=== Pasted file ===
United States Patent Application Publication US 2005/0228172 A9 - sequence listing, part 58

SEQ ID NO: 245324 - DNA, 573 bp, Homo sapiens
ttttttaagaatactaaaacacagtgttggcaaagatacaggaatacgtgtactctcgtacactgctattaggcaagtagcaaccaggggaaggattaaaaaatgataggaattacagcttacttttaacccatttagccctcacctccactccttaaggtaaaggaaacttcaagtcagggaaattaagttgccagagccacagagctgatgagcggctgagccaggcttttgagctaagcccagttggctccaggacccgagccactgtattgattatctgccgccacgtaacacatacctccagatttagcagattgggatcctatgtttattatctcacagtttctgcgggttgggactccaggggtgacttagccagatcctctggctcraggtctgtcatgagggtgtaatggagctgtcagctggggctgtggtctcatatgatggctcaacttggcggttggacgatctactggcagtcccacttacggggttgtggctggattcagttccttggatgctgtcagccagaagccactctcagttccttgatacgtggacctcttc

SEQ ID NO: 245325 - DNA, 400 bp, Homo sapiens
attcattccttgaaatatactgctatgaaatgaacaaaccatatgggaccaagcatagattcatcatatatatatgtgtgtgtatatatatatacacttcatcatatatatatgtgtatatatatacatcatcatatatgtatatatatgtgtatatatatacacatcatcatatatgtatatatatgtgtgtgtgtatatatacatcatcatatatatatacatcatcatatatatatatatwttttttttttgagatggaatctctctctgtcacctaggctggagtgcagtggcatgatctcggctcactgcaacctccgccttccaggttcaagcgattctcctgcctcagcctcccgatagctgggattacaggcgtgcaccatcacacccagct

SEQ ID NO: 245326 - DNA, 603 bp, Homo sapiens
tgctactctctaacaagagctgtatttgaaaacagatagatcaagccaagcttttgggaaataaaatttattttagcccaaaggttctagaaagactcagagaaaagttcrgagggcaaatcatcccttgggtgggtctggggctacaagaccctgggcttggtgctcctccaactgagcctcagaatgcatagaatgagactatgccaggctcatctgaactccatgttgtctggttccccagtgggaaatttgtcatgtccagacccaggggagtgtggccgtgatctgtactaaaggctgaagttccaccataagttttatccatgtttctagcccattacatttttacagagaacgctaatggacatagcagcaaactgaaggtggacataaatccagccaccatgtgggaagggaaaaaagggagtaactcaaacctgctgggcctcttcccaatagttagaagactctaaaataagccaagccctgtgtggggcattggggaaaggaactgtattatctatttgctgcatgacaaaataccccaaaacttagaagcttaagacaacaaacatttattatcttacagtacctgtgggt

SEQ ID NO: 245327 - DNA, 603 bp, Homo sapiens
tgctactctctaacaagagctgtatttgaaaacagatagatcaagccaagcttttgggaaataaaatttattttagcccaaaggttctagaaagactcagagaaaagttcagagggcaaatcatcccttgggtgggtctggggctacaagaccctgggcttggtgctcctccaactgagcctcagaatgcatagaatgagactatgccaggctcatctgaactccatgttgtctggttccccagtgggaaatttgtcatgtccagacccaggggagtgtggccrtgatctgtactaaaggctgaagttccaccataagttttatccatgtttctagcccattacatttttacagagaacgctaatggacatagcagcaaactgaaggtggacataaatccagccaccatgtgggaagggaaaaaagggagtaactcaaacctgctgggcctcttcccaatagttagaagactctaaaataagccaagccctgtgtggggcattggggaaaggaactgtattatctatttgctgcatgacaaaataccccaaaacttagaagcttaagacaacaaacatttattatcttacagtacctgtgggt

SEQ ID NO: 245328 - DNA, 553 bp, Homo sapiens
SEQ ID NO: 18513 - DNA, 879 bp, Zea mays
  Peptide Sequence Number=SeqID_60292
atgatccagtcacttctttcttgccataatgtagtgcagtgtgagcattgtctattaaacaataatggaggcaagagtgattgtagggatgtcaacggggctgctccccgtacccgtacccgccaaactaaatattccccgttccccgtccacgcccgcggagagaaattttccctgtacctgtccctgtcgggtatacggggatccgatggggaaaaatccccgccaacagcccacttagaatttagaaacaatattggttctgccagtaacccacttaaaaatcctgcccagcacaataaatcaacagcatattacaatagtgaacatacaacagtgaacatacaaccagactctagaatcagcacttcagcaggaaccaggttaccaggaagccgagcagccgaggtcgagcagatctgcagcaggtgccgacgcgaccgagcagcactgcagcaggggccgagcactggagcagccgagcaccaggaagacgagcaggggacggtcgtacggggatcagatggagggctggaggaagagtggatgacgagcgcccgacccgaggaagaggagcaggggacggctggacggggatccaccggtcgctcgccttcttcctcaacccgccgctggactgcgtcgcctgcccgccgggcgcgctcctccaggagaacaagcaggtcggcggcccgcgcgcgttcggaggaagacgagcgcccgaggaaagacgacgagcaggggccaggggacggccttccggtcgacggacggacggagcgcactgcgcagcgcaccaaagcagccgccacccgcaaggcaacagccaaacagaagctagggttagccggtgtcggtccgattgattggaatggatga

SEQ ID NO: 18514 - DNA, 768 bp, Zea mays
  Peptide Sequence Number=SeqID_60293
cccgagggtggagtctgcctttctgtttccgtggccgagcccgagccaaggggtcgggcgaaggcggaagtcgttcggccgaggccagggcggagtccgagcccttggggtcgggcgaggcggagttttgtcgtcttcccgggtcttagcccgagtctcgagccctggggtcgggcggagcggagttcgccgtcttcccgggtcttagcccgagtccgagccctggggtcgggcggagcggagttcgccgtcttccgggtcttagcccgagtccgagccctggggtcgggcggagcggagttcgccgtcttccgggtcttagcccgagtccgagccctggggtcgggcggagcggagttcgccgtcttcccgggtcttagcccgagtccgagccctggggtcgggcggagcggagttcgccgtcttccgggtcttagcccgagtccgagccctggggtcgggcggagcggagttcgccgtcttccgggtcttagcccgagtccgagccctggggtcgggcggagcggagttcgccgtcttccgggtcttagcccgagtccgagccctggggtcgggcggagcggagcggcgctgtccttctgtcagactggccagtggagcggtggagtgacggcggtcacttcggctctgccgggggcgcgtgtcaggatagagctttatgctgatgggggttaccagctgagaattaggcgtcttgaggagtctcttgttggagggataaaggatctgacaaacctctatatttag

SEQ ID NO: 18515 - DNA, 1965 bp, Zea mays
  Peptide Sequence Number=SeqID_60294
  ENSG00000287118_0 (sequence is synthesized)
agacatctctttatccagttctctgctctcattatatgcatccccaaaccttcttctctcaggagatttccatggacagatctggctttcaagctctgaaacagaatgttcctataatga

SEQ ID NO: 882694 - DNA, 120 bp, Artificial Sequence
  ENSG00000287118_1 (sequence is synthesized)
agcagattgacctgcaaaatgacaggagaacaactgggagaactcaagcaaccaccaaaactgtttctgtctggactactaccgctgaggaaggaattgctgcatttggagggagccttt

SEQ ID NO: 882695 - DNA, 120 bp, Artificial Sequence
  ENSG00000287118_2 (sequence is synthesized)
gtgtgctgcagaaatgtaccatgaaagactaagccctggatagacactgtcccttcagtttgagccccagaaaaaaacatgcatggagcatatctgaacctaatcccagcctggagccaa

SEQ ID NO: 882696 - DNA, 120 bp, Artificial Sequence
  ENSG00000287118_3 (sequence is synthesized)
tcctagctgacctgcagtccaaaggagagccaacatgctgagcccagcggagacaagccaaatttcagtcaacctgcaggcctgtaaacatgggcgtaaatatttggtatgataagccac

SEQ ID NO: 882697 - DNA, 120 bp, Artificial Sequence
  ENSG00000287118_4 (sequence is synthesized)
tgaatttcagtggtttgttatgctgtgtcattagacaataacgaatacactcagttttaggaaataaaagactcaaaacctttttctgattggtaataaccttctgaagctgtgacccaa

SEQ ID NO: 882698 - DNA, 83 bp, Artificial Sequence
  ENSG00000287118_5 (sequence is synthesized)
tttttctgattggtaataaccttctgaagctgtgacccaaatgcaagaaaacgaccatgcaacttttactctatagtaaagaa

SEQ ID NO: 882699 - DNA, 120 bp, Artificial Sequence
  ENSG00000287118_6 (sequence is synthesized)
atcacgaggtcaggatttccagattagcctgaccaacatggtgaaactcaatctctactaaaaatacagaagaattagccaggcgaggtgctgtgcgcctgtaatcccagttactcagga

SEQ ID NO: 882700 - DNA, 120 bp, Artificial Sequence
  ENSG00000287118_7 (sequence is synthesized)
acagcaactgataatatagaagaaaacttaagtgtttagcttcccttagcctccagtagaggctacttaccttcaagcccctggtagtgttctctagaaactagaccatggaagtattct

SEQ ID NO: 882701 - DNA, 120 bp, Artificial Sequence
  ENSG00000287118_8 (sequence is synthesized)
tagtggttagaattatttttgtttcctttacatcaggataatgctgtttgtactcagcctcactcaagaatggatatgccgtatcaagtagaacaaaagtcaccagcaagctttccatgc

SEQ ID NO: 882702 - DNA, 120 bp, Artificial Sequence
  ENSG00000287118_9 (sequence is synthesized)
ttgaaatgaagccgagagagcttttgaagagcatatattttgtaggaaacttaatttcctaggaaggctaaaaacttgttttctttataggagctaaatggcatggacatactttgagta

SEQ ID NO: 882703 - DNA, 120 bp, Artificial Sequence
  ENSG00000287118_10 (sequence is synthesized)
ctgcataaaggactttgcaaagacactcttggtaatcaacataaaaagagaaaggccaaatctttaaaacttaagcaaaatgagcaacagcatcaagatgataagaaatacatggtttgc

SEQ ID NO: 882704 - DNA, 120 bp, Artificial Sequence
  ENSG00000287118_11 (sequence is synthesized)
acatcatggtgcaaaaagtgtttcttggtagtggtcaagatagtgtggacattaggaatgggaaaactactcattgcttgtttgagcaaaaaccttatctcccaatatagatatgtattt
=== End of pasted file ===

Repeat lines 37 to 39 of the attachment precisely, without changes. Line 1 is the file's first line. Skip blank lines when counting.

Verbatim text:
  ENSG00000287118_6 (sequence is synthesized)
atcacgaggtcaggatttccagattagcctgaccaacatggtgaaactcaatctctactaaaaatacagaagaattagccaggcgaggtgctgtgcgcctgtaatcccagttactcagga

SEQ ID NO: 882700 - DNA, 120 bp, Artificial Sequence